December 23, 2005
`Twas the Night Before Christmas Eve
I have finished delivering my 31st class for Red Hat. This is something like the 25th certification exam that I have proctored. At the end of the exam, I have to get the information to Red Hat that they need and someone there will process the data and, eventually, the determination is made as to where there are any new RHCT or RHCE certified individuals.
This week, however, ends on the 23rd of December. I'm in Anaheim, California (Pacific time) and Red Hat's Headquarters are in Raleigh, North Carolina (Eastern time). I sure hope no one has to stay and wait for my results file to arrive. But, just in case, I decided to try to give them a little extra Holiday cheer by writing this extra little email to send along (it only took me 3 minutes, in case you were curious):
Twas the night before Christmas Eve,
And all through the Raleigh office,
Not a creature was stirring,
Not even for a purpose.
The candidates were drive to their homes with great care,
Visions of Red Hat Certificates in the air.
When out from the notebook of the Instructor there flew,
The files so carefully constructed for you.
And as the Instructor left for his flight,
He was heard to say, "Merry Christmas to all!
"And to all a good night!"
If you are Christian: Merry Christmas.
If you are Jewish: Happy Hanukkah.
If you are neither: I'm sorry, but I do not know what the specific well-wish should be for your holiday of choice, so I'll simply wish you Happy Holidays and a Happy New Year.
Lamont R. Peterson
Posted by lamontp at 6:13 PM
December 6, 2005
Notebook Hard Drive Jugling
As many of you already know, my notebook's hard drive thought it would be fun to watch me squirm around, wondering if I would lose some of my data.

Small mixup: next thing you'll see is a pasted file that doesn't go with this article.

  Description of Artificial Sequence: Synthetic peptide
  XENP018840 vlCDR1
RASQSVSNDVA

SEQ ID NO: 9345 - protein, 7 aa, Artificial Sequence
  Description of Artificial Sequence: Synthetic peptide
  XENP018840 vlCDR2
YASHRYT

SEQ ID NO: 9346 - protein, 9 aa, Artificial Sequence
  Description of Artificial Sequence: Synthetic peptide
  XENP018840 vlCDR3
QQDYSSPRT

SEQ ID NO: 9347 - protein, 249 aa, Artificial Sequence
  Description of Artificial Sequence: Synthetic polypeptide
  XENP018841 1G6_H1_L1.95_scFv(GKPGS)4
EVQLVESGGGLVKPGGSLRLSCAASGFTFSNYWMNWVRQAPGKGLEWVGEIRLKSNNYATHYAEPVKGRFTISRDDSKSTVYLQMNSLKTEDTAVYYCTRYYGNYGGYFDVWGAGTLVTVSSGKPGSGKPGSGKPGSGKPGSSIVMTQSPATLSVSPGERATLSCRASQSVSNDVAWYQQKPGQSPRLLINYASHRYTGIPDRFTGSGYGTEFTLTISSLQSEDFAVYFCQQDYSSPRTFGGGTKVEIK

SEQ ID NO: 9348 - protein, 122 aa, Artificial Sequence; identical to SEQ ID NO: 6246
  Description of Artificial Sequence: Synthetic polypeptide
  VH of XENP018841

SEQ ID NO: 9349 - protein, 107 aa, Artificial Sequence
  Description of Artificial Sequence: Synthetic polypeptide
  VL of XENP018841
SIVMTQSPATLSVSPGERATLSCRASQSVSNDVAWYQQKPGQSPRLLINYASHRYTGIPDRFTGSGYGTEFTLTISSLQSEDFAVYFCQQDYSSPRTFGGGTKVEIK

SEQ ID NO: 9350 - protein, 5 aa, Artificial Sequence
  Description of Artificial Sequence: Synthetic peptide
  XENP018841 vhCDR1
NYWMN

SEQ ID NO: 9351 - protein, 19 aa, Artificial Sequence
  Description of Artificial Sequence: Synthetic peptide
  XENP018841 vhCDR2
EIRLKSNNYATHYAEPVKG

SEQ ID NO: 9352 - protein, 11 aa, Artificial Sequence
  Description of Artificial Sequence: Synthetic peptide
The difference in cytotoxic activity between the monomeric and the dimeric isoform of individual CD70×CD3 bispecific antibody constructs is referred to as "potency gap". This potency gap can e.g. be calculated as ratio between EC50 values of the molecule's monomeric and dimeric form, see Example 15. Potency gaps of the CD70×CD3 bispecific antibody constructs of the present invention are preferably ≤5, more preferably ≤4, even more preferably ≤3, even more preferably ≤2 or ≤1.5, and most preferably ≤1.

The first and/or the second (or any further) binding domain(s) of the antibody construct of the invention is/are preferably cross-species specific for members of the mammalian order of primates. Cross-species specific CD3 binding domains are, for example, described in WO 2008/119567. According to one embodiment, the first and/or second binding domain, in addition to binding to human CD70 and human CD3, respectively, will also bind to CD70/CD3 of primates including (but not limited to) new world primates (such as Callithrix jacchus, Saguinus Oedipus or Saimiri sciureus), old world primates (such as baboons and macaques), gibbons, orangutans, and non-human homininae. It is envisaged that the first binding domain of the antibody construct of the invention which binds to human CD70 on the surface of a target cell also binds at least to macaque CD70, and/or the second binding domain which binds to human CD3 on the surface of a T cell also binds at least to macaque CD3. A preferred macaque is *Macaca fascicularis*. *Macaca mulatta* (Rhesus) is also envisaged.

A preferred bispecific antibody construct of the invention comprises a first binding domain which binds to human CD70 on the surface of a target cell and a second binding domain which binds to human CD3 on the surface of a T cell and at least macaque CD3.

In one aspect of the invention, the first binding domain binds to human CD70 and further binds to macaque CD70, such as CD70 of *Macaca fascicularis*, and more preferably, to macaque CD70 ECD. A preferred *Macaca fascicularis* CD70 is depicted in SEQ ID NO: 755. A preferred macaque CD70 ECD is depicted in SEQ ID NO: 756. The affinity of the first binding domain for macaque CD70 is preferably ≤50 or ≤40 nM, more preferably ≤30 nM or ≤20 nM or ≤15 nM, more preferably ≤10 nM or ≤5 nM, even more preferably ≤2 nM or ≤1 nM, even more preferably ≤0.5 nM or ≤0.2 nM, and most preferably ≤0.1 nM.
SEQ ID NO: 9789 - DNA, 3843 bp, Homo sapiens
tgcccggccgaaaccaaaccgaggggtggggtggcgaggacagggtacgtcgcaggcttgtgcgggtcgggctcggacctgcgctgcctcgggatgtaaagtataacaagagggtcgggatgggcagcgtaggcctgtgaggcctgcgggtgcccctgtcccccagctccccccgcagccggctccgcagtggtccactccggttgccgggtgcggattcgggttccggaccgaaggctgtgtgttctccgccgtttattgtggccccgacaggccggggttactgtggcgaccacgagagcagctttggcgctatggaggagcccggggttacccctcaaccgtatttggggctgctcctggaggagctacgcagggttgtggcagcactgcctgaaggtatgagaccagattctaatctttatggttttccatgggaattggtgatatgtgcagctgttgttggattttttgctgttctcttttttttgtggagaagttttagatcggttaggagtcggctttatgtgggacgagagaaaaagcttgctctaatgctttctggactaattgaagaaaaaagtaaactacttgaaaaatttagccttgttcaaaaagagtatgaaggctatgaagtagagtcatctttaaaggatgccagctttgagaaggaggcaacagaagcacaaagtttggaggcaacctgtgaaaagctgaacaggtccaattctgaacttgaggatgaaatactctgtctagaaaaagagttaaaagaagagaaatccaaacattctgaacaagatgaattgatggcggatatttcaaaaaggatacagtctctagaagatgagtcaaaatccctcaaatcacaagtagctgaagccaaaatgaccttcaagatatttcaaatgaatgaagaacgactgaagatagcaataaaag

Last week, when I arrived in Sacramento and booted up, I discovered a few issues with unreadable sectors on various parts of my hard drive. It also turned out that Windows XP would not boot (it would just reboot during boot up). There was a smattering of other sectors that were completely unreadable.
I ordered 1 Hitachi 80GB 2.5inch 7200rpm replacement, which arrived at the office on Thursday. I picked it up late Friday evening on my way home from the airport and spent most of Saturday and Sunday (until my 3:10pm flight to San Diego) rebuilding. I took the old drive out and placed it in my USB 2.0 (but the notebook only does 1.1 :( ) external drive carrier. The old drive is a Hitachi 80GB 2.5inch unit that, I think, is 5400rpm. Luckily, it should still be under their 3 year warranty, too.
Next, I manually partitioned the new drive to exactly match the partitioning that I had on the old drive (I wanted the same setup in this case). Then, I tried to install Windows XP Professional into partition 4. It failed on the formatting step, which was interesting since my earlier attempts at installing Windows XP directly failed much earlier in the CD boot process. So, I did the same thing I did before, installed Windows 2000 and then immediately upgraded to Windows XP Professional.
Next, I reinstalled World of WarCraft and downloaded the 252MB patch (rolling up a year's worth of stuff). There were a couple more cycles of launching and downloading minor updates. This whole process took about 3-1/2 hours. I took a break from rebuilding the system and spent some time playing WoW with my wife :) .